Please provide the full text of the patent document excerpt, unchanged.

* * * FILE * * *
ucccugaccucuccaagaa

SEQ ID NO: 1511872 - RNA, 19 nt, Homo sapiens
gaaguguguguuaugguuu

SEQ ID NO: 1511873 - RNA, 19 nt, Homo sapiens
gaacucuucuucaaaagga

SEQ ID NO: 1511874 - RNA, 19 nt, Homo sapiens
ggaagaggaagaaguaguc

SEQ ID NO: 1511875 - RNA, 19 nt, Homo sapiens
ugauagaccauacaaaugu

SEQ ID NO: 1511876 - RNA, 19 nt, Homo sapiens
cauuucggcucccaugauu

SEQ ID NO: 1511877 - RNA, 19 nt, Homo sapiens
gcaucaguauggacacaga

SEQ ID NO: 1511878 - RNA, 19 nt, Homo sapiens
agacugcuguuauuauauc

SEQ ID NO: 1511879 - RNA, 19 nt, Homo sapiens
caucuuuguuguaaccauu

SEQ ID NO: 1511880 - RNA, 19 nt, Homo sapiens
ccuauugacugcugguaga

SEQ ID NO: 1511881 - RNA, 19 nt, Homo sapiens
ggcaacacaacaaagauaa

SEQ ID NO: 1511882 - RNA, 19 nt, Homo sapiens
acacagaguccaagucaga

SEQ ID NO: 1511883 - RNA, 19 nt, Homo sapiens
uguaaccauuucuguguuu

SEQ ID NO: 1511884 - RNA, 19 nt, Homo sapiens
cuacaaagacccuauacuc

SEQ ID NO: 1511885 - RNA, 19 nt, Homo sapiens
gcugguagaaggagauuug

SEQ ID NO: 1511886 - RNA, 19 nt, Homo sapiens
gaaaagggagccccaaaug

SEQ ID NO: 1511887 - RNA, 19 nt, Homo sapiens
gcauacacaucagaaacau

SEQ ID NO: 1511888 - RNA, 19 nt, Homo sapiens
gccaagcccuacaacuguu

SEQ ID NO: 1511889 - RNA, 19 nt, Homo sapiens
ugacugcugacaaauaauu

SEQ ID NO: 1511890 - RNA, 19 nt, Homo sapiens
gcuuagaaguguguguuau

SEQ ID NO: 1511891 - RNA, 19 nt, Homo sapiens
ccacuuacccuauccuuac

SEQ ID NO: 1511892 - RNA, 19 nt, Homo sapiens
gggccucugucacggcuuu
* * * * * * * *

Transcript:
ucccugaccucuccaagaa

SEQ ID NO: 1511872 - RNA, 19 nt, Homo sapiens
gaaguguguguuaugguuu

SEQ ID NO: 1511873 - RNA, 19 nt, Homo sapiens
gaacucuucuucaaaagga

SEQ ID NO: 1511874 - RNA, 19 nt, Homo sapiens
ggaagaggaagaaguaguc

SEQ ID NO: 1511875 - RNA, 19 nt, Homo sapiens
ugauagaccauacaaaugu

SEQ ID NO: 1511876 - RNA, 19 nt, Homo sapiens
cauuucggcucccaugauu

SEQ ID NO: 1511877 - RNA, 19 nt, Homo sapiens
gcaucaguauggacacaga

SEQ ID NO: 1511878 - RNA, 19 nt, Homo sapiens
agacugcuguuauuauauc

SEQ ID NO: 1511879 - RNA, 19 nt, Homo sapiens
caucuuuguuguaaccauu

SEQ ID NO: 1511880 - RNA, 19 nt, Homo sapiens
ccuauugacugcugguaga

SEQ ID NO: 1511881 - RNA, 19 nt, Homo sapiens
ggcaacacaacaaagauaa

SEQ ID NO: 1511882 - RNA, 19 nt, Homo sapiens
acacagaguccaagucaga

SEQ ID NO: 1511883 - RNA, 19 nt, Homo sapiens
uguaaccauuucuguguuu

SEQ ID NO: 1511884 - RNA, 19 nt, Homo sapiens
cuacaaagacccuauacuc

SEQ ID NO: 1511885 - RNA, 19 nt, Homo sapiens
gcugguagaaggagauuug

SEQ ID NO: 1511886 - RNA, 19 nt, Homo sapiens
gaaaagggagccccaaaug

SEQ ID NO: 1511887 - RNA, 19 nt, Homo sapiens
gcauacacaucagaaacau

SEQ ID NO: 1511888 - RNA, 19 nt, Homo sapiens
gccaagcccuacaacuguu

SEQ ID NO: 1511889 - RNA, 19 nt, Homo sapiens
ugacugcugacaaauaauu

SEQ ID NO: 1511890 - RNA, 19 nt, Homo sapiens
gcuuagaaguguguguuau

SEQ ID NO: 1511891 - RNA, 19 nt, Homo sapiens
ccacuuacccuauccuuac

SEQ ID NO: 1511892 - RNA, 19 nt, Homo sapiens
gggccucugucacggcuuu